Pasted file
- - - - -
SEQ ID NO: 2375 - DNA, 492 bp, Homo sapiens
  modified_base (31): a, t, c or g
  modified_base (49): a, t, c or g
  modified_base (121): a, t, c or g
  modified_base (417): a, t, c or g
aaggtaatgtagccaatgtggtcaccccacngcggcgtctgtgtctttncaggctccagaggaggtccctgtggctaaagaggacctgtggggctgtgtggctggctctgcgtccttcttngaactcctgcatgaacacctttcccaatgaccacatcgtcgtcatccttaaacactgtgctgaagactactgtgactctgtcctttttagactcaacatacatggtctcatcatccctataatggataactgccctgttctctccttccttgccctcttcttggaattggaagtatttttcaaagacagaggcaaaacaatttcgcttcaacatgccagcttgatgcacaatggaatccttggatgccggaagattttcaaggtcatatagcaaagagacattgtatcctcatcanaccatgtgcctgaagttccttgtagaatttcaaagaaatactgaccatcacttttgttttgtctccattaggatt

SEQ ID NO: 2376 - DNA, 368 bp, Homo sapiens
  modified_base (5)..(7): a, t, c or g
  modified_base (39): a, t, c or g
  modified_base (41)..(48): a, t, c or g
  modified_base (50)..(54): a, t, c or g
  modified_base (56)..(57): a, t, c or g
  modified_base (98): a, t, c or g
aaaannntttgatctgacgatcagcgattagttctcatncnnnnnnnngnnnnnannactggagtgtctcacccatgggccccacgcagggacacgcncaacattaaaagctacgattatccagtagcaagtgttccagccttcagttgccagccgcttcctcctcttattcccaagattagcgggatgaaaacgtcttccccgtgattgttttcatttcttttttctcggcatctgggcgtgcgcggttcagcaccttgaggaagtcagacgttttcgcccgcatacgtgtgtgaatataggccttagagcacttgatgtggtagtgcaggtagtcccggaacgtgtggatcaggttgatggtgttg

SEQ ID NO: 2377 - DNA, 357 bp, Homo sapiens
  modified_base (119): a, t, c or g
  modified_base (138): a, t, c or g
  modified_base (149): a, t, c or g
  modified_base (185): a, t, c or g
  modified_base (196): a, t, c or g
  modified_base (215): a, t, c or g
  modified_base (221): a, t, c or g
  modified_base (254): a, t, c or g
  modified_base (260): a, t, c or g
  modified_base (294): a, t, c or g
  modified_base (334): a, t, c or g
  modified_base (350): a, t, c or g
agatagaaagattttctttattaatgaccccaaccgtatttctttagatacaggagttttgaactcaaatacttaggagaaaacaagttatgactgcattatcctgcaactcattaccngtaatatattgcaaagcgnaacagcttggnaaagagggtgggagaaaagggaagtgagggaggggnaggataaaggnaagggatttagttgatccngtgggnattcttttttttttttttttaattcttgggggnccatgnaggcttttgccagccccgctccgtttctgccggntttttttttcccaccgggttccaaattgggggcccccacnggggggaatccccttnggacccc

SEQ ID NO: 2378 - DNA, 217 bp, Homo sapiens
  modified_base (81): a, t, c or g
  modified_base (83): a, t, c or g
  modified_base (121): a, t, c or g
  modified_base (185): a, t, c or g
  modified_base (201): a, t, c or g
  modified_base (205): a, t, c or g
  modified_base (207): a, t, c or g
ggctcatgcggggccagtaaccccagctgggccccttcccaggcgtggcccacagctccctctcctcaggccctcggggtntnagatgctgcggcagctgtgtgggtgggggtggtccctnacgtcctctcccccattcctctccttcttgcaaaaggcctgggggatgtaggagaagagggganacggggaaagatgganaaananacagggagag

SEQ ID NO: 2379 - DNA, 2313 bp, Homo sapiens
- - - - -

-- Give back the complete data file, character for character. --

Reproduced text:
SEQ ID NO: 2375 - DNA, 492 bp, Homo sapiens
  modified_base (31): a, t, c or g
  modified_base (49): a, t, c or g
  modified_base (121): a, t, c or g
  modified_base (417): a, t, c or g
aaggtaatgtagccaatgtggtcaccccacngcggcgtctgtgtctttncaggctccagaggaggtccctgtggctaaagaggacctgtggggctgtgtggctggctctgcgtccttcttngaactcctgcatgaacacctttcccaatgaccacatcgtcgtcatccttaaacactgtgctgaagactactgtgactctgtcctttttagactcaacatacatggtctcatcatccctataatggataactgccctgttctctccttccttgccctcttcttggaattggaagtatttttcaaagacagaggcaaaacaatttcgcttcaacatgccagcttgatgcacaatggaatccttggatgccggaagattttcaaggtcatatagcaaagagacattgtatcctcatcanaccatgtgcctgaagttccttgtagaatttcaaagaaatactgaccatcacttttgttttgtctccattaggatt

SEQ ID NO: 2376 - DNA, 368 bp, Homo sapiens
  modified_base (5)..(7): a, t, c or g
  modified_base (39): a, t, c or g
  modified_base (41)..(48): a, t, c or g
  modified_base (50)..(54): a, t, c or g
  modified_base (56)..(57): a, t, c or g
  modified_base (98): a, t, c or g
aaaannntttgatctgacgatcagcgattagttctcatncnnnnnnnngnnnnnannactggagtgtctcacccatgggccccacgcagggacacgcncaacattaaaagctacgattatccagtagcaagtgttccagccttcagttgccagccgcttcctcctcttattcccaagattagcgggatgaaaacgtcttccccgtgattgttttcatttcttttttctcggcatctgggcgtgcgcggttcagcaccttgaggaagtcagacgttttcgcccgcatacgtgtgtgaatataggccttagagcacttgatgtggtagtgcaggtagtcccggaacgtgtggatcaggttgatggtgttg

SEQ ID NO: 2377 - DNA, 357 bp, Homo sapiens
  modified_base (119): a, t, c or g
  modified_base (138): a, t, c or g
  modified_base (149): a, t, c or g
  modified_base (185): a, t, c or g
  modified_base (196): a, t, c or g
  modified_base (215): a, t, c or g
  modified_base (221): a, t, c or g
  modified_base (254): a, t, c or g
  modified_base (260): a, t, c or g
  modified_base (294): a, t, c or g
  modified_base (334): a, t, c or g
  modified_base (350): a, t, c or g
agatagaaagattttctttattaatgaccccaaccgtatttctttagatacaggagttttgaactcaaatacttaggagaaaacaagttatgactgcattatcctgcaactcattaccngtaatatattgcaaagcgnaacagcttggnaaagagggtgggagaaaagggaagtgagggaggggnaggataaaggnaagggatttagttgatccngtgggnattcttttttttttttttttaattcttgggggnccatgnaggcttttgccagccccgctccgtttctgccggntttttttttcccaccgggttccaaattgggggcccccacnggggggaatccccttnggacccc

SEQ ID NO: 2378 - DNA, 217 bp, Homo sapiens
  modified_base (81): a, t, c or g
  modified_base (83): a, t, c or g
  modified_base (121): a, t, c or g
  modified_base (185): a, t, c or g
  modified_base (201): a, t, c or g
  modified_base (205): a, t, c or g
  modified_base (207): a, t, c or g
ggctcatgcggggccagtaaccccagctgggccccttcccaggcgtggcccacagctccctctcctcaggccctcggggtntnagatgctgcggcagctgtgtgggtgggggtggtccctnacgtcctctcccccattcctctccttcttgcaaaaggcctgggggatgtaggagaagagggganacggggaaagatgganaaananacagggagag

SEQ ID NO: 2379 - DNA, 2313 bp, Homo sapiens